This is a live issue. After all those localities banned disposable bags, California outlawed them statewide, in 2016. In April 2019, New York became the second US state to impose a broad ban on single-use plastic bags. Since 2007, more than 240 local governments in the US have enacted similar policies.

She finds that the bag bans reduced the use of disposable shopping bags by 40 million pounds a year. But purchases of trash bags increased by almost 12 million pounds annually, offsetting about 29 percent of the benefit, her model demonstrates. Sales of small trash bags jumped 120 percent, of medium bags, 64 percent, and of tall kitchen garbage bags, 6 percent. Moreover, use of paper bags rose by more than 80 million pounds, or 652 million sacks, she finds. more>

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Updates from Siemens

Well control equipment: Metal hat, Fireproof coveralls… CFD
nullBy Gaetan Bouzard – In the Oil & Gas industry, the integration of possible risk linked with well control — such as subsea plume, atmospheric dispersion, fire and explosion — is critical for minimizing impact on the entire system or on operations efficiency, and for ensuring worker health and safety. Risk to system integrity must be prevented at the design phase, but also addressed in case hazards happen along equipment lifetime or system in operation.

Last September 25th, Mr. Alistair E. Gill, from company Wild Well Control demonstrates the value of advanced structural and fluid dynamics mechanics simulation for well controls, emergency response and planning, as part of a Live Webinar organized by Siemens and Society of Petroleum Engineers. In this article I will try to summarize his presentation. To have more insights feel free to watch our On-Demand Webinar.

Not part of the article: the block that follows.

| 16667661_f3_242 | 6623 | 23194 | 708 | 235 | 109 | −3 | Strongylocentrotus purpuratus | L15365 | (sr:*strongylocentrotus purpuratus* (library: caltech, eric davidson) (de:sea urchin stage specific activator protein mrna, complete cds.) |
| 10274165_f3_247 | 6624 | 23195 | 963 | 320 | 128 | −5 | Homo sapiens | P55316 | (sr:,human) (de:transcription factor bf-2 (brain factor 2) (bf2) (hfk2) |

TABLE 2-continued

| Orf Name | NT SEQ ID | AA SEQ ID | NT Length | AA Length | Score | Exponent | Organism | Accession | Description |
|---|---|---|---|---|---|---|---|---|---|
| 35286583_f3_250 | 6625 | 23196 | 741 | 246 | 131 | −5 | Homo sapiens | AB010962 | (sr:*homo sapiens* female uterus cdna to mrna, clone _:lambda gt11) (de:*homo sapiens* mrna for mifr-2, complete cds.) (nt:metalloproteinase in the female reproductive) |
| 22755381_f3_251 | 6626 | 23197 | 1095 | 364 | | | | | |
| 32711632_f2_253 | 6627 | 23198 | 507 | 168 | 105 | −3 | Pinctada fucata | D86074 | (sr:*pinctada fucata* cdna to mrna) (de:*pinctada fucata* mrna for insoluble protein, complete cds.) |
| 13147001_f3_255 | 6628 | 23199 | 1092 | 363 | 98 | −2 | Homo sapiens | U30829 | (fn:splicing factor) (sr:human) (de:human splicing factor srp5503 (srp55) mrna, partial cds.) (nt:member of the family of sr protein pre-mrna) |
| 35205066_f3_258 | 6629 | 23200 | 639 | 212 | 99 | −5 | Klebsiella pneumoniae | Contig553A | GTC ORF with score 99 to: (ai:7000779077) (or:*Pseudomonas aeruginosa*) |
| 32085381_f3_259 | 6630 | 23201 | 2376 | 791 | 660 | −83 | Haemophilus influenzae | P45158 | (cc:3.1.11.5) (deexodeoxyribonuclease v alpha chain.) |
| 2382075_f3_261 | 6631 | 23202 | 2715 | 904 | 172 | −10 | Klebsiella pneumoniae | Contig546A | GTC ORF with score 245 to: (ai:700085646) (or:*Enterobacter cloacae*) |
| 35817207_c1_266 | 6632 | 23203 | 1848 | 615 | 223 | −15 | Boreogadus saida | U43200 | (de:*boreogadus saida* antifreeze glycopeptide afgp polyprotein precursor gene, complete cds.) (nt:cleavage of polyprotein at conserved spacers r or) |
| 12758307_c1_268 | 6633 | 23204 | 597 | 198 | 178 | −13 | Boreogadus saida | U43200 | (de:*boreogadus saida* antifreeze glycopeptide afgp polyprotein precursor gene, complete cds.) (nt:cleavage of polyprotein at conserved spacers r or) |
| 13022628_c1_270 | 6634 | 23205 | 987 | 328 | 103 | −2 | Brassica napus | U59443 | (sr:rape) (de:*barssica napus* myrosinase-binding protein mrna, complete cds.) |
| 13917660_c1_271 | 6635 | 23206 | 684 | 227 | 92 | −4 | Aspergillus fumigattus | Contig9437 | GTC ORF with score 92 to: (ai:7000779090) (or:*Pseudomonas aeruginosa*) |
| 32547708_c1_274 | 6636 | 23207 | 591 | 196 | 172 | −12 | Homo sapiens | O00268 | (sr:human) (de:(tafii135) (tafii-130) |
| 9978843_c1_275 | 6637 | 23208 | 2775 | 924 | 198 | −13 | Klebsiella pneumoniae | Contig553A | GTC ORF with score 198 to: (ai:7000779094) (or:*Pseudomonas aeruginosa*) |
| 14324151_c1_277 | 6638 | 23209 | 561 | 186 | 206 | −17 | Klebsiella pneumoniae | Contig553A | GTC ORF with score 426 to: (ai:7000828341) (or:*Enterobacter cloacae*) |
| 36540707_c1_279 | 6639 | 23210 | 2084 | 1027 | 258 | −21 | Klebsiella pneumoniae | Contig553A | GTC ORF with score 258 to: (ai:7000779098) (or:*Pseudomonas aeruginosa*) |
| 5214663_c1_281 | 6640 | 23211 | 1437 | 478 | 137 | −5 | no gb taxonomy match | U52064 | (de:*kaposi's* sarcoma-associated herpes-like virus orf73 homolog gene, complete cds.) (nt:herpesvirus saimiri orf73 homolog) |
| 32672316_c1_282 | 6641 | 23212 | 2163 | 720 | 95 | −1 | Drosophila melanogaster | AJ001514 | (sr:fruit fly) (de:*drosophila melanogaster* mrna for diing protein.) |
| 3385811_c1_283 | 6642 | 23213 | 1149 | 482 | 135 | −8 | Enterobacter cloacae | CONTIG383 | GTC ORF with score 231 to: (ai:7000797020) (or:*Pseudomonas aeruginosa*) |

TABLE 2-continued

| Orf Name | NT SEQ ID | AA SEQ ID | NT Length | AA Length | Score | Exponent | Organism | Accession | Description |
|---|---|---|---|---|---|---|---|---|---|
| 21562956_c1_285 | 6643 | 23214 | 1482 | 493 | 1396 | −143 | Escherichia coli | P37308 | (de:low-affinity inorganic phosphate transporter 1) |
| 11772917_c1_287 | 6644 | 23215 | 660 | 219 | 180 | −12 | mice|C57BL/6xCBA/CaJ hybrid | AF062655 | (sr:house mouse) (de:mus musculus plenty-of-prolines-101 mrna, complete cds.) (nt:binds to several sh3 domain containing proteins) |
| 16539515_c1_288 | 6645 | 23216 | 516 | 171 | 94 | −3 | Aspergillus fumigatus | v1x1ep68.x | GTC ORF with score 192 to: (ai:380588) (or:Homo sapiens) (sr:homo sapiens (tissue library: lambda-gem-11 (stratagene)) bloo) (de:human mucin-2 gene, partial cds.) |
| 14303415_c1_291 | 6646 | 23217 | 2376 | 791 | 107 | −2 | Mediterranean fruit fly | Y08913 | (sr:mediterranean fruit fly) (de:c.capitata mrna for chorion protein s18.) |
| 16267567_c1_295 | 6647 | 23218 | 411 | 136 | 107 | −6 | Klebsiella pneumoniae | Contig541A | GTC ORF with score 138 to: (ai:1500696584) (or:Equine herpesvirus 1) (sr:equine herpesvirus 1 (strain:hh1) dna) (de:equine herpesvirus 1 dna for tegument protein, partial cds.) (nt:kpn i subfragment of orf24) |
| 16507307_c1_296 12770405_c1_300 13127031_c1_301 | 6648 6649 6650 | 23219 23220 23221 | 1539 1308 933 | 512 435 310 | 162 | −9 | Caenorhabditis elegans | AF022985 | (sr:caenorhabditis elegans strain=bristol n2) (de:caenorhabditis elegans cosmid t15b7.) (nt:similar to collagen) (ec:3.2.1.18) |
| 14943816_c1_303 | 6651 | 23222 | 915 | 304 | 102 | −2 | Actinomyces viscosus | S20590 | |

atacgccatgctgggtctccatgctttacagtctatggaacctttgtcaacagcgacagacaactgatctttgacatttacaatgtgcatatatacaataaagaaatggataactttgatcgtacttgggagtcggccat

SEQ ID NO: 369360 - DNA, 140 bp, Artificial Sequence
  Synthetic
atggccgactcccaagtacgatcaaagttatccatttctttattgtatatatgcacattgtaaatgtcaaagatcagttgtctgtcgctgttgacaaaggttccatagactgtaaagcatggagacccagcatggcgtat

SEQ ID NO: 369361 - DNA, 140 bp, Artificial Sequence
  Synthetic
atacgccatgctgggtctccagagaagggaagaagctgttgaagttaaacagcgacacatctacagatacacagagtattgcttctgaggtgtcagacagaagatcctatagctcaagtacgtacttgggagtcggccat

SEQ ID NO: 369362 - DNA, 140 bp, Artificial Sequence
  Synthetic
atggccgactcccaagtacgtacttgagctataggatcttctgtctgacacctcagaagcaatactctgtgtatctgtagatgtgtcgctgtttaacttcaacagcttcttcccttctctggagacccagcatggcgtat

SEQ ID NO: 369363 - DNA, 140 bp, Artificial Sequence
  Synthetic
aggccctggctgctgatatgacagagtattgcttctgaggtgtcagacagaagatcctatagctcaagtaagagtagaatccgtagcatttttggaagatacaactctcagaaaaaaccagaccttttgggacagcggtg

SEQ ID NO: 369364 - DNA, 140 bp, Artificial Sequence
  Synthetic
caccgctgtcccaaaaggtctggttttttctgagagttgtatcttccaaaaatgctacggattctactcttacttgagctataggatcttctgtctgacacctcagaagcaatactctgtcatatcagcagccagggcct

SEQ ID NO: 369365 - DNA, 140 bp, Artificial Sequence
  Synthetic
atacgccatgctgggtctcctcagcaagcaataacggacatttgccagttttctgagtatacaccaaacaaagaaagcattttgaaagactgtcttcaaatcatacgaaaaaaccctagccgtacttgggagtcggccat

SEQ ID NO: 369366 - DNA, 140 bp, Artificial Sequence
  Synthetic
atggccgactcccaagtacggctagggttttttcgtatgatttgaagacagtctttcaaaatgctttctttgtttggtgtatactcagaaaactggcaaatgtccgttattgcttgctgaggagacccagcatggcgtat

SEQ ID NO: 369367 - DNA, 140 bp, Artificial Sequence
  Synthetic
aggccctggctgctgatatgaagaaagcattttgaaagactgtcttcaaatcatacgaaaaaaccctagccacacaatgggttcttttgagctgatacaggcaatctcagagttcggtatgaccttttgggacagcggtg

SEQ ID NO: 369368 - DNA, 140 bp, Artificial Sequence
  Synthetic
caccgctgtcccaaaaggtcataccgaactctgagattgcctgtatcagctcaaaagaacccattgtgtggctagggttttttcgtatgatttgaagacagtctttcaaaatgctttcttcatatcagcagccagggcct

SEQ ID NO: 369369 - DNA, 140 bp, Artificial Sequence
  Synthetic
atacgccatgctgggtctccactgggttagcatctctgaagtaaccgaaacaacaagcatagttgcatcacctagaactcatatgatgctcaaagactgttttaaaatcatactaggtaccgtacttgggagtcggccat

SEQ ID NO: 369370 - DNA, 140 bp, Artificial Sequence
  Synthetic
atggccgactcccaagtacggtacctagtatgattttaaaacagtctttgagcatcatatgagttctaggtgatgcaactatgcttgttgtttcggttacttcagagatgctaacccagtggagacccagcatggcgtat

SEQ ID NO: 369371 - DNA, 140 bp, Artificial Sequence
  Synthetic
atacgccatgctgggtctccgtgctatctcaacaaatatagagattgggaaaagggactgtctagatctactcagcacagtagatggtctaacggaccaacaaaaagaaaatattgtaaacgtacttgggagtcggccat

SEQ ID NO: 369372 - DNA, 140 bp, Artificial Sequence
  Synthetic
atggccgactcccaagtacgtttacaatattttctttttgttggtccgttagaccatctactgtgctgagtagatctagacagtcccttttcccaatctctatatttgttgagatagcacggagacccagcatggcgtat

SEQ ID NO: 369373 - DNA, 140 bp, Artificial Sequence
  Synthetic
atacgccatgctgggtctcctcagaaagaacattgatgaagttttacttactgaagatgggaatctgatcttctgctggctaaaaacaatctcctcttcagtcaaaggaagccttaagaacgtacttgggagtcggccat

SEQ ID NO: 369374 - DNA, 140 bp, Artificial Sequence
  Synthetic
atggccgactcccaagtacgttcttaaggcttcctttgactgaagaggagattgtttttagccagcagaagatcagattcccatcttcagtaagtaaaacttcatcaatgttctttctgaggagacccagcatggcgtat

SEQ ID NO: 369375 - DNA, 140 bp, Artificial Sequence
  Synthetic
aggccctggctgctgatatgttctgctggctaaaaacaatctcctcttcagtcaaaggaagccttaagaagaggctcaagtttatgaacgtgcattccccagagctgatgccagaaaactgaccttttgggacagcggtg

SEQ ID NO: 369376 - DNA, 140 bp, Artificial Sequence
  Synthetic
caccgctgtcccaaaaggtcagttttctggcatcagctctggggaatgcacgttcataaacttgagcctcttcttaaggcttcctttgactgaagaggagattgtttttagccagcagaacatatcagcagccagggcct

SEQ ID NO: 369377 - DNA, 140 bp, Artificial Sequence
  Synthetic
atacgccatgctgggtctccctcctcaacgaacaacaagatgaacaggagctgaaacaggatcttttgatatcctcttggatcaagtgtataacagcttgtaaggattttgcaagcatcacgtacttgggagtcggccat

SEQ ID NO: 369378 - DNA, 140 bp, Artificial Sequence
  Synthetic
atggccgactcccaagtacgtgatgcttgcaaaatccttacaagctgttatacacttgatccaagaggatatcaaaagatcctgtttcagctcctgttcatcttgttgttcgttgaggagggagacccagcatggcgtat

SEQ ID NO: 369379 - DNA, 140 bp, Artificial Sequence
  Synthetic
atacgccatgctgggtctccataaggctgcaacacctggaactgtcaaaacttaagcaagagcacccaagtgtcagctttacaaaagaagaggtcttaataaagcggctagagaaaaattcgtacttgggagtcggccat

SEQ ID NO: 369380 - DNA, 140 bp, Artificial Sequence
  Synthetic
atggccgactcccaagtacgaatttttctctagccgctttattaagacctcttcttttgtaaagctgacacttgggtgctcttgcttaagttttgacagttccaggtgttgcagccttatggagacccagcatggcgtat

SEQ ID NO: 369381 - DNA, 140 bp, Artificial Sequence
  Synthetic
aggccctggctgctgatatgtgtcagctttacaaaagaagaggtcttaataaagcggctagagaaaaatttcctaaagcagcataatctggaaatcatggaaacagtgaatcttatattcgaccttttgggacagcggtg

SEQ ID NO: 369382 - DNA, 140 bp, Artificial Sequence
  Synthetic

To be honest when talking about well control for Oil & Gas industry, people usual conception is that some disaster happened and guys wearing protections are trying to light off a big fire. Actually companies such as Wild Well Control are using modern and innovative techniques as Computational Fluid Dynamics (CFD) simulation to support practical team on a well control incident trying to keep asset integrity at the same time.

Mr. Gill provides several examples to demonstrate simulation techniques that were used from

  • Subsea plume and gas dispersion modeling to understand where hydrocarbons go in the event of a blow out
  • Radiant heat modeling in case of a fire
  • Erosion modeling
  • Thermal as well as Structural analysis

There is basically three major categories of simulation used, starting with everything related to the flow within the well bore, looking at kick tolerance, dynamic kill or bull heading; next anything to do with 3D flow using CFD simulation which is the main focus of this article; finally structural analysis using Finite Element modeling. more>